Tom Harper and Peter Dominiczak
27 Oct 2011
A senior Church of England cleric resigned today in the latest extraordinary twist in the siege of St Paul’s Cathedral.
Canon Chancellor Giles Fraser quit in protest at the cathedral’s plan to clear the anti-capitalist protesters encamped in a tent city on its doorstep for the last 12 days.
Announcing his departure after it had backed moves to evict them, Dr Fraser wrote: “I resigned because I believe that the Chapter has set on a course of action that could mean there will be violence in the name of the Church.”
On a day of high drama:
Boris Johnson called for new laws to prevent tent cities “erupting like boils” across London in the wake of the St Paul’s protest, telling the activists: “In the name of God and Mammon, go.”
The Bishop of London said he will meet the protesters on Sunday to invite them to a debate inside the cathedral if they agree to leave the camp.
Lawyers representing the Occupy London movement vowed that they will fight every attempt to eject them from their churchyard base.
Speaking exclusively to the Standard, Dr Fraser, 47, said he was forced to quit when the cathedral backed moves to clear the demonstrators.
“The Church should not put its name to any course of action that may lead to violence against the protesters. I can’t in conscience go down the road on which they are embarked.”
At least 200 protesters are in tents outside the 300-year-old cathedral which was forced to close last Friday for the first time since the 1940 Blitz.
In his first interview since leaving office, Dr Fraser said: “I care deeply for my colleagues at St Paul’s and our discussions in the last few days have been incredibly thoughtful.”
Police, senior City of London Corporation officials and leading clerics from St Paul’s have been locked in talks for days in a bid to find a way
to end the encampment that has “squeezed the life” out of the city.
It is understood the cathedral will join the corporation in seeking a High Court injunction allowing police officers to remove the protesters.
In an appeal to the activists today, the Mayor said: “In the name of God and Mammon, go. For the good of the economy and the wellbeing of the Church. London needs new by-laws, proper ground rules to stop people being able to camp anywhere without being moved on.”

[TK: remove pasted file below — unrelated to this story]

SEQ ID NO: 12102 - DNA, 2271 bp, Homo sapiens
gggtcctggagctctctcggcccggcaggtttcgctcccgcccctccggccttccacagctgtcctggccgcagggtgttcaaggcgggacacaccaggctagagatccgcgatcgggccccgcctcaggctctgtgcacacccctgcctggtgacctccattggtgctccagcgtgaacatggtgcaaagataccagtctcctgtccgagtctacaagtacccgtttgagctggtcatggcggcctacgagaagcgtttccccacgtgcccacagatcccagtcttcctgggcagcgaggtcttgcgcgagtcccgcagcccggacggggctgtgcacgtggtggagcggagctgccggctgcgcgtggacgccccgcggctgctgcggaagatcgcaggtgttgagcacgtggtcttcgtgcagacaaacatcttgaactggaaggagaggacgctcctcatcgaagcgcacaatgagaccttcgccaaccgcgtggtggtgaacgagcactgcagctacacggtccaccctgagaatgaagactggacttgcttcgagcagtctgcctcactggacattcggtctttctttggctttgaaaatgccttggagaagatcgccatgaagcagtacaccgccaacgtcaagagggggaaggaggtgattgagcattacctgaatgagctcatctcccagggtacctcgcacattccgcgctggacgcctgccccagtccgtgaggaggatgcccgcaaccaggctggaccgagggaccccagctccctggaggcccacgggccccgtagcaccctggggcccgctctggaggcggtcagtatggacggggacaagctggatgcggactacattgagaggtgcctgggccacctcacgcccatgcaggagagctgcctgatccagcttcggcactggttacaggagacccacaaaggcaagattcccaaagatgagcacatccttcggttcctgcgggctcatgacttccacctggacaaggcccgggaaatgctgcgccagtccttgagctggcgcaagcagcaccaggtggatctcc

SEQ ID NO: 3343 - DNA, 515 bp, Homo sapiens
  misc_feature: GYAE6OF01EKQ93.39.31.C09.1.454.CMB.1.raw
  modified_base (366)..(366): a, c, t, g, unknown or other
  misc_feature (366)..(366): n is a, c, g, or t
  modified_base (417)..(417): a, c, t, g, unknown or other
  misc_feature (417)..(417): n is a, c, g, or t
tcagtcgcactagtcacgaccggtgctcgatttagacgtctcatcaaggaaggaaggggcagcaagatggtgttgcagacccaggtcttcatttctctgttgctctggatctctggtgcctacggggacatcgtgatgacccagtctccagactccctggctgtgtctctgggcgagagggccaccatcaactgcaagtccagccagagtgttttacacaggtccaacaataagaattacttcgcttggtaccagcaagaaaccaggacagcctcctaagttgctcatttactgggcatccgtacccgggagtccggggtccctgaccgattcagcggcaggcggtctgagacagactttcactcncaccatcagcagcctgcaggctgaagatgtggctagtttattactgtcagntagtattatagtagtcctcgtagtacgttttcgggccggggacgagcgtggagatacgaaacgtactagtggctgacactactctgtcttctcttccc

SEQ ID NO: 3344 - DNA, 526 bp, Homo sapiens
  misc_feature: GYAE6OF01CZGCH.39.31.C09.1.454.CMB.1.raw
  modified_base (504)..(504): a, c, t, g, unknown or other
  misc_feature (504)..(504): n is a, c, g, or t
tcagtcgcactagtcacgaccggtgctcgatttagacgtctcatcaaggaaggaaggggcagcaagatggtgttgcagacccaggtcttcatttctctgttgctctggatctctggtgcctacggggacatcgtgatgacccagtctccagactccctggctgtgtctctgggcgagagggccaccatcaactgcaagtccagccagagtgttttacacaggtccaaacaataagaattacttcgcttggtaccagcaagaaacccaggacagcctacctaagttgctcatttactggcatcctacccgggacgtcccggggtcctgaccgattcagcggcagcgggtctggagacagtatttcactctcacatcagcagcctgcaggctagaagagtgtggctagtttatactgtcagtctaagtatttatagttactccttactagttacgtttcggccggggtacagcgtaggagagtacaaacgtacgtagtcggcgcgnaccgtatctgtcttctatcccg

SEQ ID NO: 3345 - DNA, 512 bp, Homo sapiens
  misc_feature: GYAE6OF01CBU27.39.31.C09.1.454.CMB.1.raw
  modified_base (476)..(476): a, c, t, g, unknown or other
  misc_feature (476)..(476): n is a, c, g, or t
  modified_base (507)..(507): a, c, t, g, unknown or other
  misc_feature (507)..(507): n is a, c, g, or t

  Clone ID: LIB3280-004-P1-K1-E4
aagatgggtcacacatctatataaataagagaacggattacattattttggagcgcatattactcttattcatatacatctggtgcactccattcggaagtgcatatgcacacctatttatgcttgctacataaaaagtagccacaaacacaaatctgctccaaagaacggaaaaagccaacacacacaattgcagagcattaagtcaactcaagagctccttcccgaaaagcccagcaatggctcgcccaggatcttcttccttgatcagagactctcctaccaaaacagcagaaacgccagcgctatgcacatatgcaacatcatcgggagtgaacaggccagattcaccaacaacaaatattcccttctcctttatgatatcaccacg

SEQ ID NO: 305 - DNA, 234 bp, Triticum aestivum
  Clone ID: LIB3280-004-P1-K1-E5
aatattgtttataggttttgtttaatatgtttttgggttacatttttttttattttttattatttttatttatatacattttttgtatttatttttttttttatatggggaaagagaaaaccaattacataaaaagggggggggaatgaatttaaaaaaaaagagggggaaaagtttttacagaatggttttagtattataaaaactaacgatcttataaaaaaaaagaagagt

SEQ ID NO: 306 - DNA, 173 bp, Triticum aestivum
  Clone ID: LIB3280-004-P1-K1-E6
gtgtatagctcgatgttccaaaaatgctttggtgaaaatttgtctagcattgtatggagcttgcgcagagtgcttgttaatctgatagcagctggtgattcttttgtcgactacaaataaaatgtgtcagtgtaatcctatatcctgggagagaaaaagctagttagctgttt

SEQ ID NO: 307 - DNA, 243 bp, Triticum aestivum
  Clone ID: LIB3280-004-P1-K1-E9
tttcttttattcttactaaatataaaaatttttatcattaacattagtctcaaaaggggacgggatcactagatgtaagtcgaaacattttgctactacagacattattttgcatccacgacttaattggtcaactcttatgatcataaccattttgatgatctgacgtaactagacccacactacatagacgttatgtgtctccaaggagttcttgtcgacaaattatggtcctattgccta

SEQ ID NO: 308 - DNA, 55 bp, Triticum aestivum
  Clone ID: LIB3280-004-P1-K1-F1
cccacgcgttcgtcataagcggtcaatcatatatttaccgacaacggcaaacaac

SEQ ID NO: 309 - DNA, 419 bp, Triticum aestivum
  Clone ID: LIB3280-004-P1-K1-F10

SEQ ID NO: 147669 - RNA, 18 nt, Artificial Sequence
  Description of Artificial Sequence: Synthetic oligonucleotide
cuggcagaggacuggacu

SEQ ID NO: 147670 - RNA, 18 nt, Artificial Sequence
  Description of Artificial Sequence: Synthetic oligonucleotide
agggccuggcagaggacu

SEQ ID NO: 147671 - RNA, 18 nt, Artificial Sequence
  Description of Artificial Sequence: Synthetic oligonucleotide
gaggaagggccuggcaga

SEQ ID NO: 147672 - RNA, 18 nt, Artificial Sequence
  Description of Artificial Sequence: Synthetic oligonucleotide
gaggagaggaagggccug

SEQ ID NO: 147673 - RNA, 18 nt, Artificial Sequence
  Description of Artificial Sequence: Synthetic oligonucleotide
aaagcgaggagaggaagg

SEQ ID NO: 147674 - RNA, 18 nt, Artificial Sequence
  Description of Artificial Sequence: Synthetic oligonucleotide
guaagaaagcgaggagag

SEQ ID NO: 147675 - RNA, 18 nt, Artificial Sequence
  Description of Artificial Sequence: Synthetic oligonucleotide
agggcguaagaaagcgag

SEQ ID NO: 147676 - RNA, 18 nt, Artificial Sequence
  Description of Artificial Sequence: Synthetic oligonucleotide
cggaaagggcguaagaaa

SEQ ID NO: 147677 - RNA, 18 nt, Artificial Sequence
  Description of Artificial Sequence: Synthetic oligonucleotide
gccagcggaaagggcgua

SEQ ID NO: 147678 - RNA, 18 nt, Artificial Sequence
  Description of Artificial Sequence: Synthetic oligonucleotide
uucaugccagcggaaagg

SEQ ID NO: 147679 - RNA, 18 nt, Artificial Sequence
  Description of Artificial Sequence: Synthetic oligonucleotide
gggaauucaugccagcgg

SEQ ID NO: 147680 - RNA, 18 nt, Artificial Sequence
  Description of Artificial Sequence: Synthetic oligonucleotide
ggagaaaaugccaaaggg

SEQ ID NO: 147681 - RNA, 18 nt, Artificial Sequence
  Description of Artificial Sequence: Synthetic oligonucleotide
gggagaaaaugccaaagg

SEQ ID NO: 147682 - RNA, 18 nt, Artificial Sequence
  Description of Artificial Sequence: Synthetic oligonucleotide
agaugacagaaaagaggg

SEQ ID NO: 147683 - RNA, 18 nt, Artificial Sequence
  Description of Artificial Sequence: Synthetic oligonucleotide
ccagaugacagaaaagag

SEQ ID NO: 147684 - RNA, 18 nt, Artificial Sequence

He also hinted that City of London Police may remove empty tents from the site as they are considered to be “abandoned property”.
A City of London Police spokesman said he “could not comment on what our tactics are”.
The Mayor added: “We are in discussion with the authorities to stop these encampments erupting like boils across the city. It is very important for London.”
It is understood Dr Fraser is not alone in his view among senior colleagues at St Paul’s that enforced removal of demonstrators would be a disaster for the Church.
Dr Fraser quit as the Dean of St Paul’s admitted the crisis engulfing the cathedral was “its most difficult times since the Second World War”.
Graeme Knowles said: “Giles has brought a unique contribution to the life and ministry of St Paul’s and we will be very sorry to see him go.
“We are obviously disappointed he is not able to continue his work with the Chapter during these challenging days. We will miss his humour and humanity and wish Giles and his family every good wish into the future.”
Dr Fraser, who has lectured in philosophy at Oxford University said: “Like many people, I am not entirely sure what this protest camp is for.
“My own view is not that capitalism is an inherently bad thing. It has created jobs and prosperity but it is clear prosperity has not been fairly distributed in our society.”
The Chelsea fan and former Vicar of Putney rejected allegations that he helped protesters by sanctioning their right to camp outside the cathedral last weekend.
He said he has no plans to leave the Church of England.